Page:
Monday, July 19, 2010

Fight Grindadrap

In an effort to help end the annual slaughter of the pilot whales in the Faroe Islands of Denmark, I have contacted the International Foundation for Animal Welfare ( This organization, in their campaign to assist whales all over the world, has been putting most of their funds toward eradicating Japanese whaling. They, too, oppose the cruel slaughter of the Faroese pilot whales and recommend that, instead of signing a petion, a concerned person can send an email or letter to the Danish Ambassador in his or her country about this annual, brutal slaughter.
If you want to address the Faroese authorities regarding pilot whaling, the e-mail address of the Foreign Department of the Faroese Government is; The e-mail address of the Faroese department of Fisheries and Maritime Affairs is
Please take the time to write these people and defend these helpless creatures. Tell the Faroese government to end this cruel, time-worn tradition once and for all.

Wednesday, July 14, 2010

Uncivilized Behavior in a "Civilized" World: Grindadrap

The human species can hardly call itself civilized after some members have been caught in the act of mercilessly slaughtering Calderon whales in the Faroe Islands, a province of Denmark. This stupid, barbaric tradition claims to be a necessary event staged by the Faroese people for the purpose of supplying food. Hardly do the Faroese, who have one of the highest standards of living in the European world, need to kill hundreds and hundreds of these whales for the purpose of machissmo display for the women and putting food on the table, especially when scientists have already warned them that the whale blubber is loaded with PCB's, mercury, and other environmental toxins. In fact, after the slaughter, most of the whales rot on the beach because so many are killed and not used at all for food. It's a disgusting site.
The photos of this unholy massacre will just make you sick--if you dare to look. The social, intelligent animals are herded into a shallow bay and are gaffed, their spinal columns slit, and let to bleed out. Pictures of this show the entire bay red with blood. Recently the Faorese have developed a new weapon for this battle against these innocent creatures: they put a hook down into the airsac through the whale's blowhole--all in order to hold down the creature as men knife the spine and main arteries.
This is a tradition originating from hundreds of years ago when the islanders actually needed the animal meat to survive. That is not the case today. And if these whales' bodies were really needed to provide subsistence, the barbaric method of execution far exceeds what is necessary to cause the animals' deaths.
I, along with civilized persons and conservationists national and international, are appalled by the photos of the slaughter. My suggestion is that when this event is imminent, people from around the globe get in their boats, yachts, sailing ships, canoes, rafts and dugouts, gather at the scene in the Faroe Islands, and defend these poor animals. And in defending these creatures, we will also be defending the human race and the possibility that we can, indeed, be humane, compassionate beings.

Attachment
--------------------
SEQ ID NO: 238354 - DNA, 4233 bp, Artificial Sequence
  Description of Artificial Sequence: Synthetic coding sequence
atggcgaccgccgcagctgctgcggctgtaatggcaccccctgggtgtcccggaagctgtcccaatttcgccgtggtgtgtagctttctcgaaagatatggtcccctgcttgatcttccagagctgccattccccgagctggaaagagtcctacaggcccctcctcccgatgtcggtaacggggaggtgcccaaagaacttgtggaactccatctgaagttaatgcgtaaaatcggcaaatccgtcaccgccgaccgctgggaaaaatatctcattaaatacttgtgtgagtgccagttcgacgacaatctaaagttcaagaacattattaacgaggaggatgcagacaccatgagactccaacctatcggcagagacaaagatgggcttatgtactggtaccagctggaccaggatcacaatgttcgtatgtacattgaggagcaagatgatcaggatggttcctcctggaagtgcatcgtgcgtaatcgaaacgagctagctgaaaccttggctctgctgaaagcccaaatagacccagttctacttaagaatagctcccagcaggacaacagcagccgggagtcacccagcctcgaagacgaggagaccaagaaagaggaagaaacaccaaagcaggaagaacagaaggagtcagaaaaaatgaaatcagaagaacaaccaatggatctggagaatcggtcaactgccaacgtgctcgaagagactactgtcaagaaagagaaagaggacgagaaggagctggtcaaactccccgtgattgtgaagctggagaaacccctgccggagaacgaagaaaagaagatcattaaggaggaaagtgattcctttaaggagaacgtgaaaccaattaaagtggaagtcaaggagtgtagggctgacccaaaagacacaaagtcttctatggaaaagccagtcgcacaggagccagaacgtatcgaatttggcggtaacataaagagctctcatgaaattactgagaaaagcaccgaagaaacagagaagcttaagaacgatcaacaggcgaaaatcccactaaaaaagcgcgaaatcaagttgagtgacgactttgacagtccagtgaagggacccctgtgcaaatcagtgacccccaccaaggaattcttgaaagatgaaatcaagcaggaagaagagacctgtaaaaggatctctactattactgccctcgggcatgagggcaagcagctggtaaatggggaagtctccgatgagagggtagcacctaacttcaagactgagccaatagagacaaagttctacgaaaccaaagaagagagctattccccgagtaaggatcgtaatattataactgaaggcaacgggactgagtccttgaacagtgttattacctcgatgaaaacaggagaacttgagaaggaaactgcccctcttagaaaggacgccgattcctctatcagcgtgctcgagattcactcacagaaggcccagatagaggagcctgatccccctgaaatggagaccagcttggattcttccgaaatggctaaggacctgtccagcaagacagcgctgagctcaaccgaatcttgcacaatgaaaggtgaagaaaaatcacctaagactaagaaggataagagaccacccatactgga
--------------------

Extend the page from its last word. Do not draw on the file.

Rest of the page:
Dear Goddess--what have we become.

"Cancer Can't Keep a Good Dog Down" Calendar

Luke Robinson has only begun his fight against canine and other pet cancers. During his memorial trek from Austin to Boston, which I wrote about in a previous blog, Luke walked every mile wearing a memorial T-shirt bearing the names of dogs who had passed from this awful disease. No dog was forgotten; each dog who had died "walked" on those T-shirts too with Luke and Hudson and Murphy. What a wonderful tribute to these good pets.
Now that the walk is over, the aggressive work against pet cancer begins. In addition, all should know that this also benefits all pets and humans with cancer because comparative studies are being done as well.
If you have a dog with cancer, please get involved in the research I mentioned in my previous blog. For no cost, anyone can donate a sample of his or her dog's DNA to the Canine Hereditary Cancer Consortium. Luke's team is looking for at least 2,000 samples to be studied with the latest current medical and veterinary technology to develop genetic screens, diagnostic tests, and treatments for hereditary canine cancers. If a person would like to be involved with this important study, please see instructions for taking and submitting the DNA at
The next project Luke is undertaking is the third annual "Cancer Can't Keep a Good Dog Down" calendar. Those interested in having their dog's picture and story on the calendar can enter the on-line contest as follows: send to a digital picture of a minimum 500kb resolution in a .jpg or.gif format. Then, write a 1000 character, not words, paragraph about the dog. Include the name of the dog, the human companion's name, and email address.
All entrants' pictures and stories will be posted on-line at the 2dogs2000miles website. Everyone will be able to see and read about each dog. Then, after the deadline for submissions is over, voting begins. Each vote costs a $1.00. The voting lasts for several weeks after which the money is given to three veterinary oncology programs and to Luke's newest organization, 2 Million Dogs.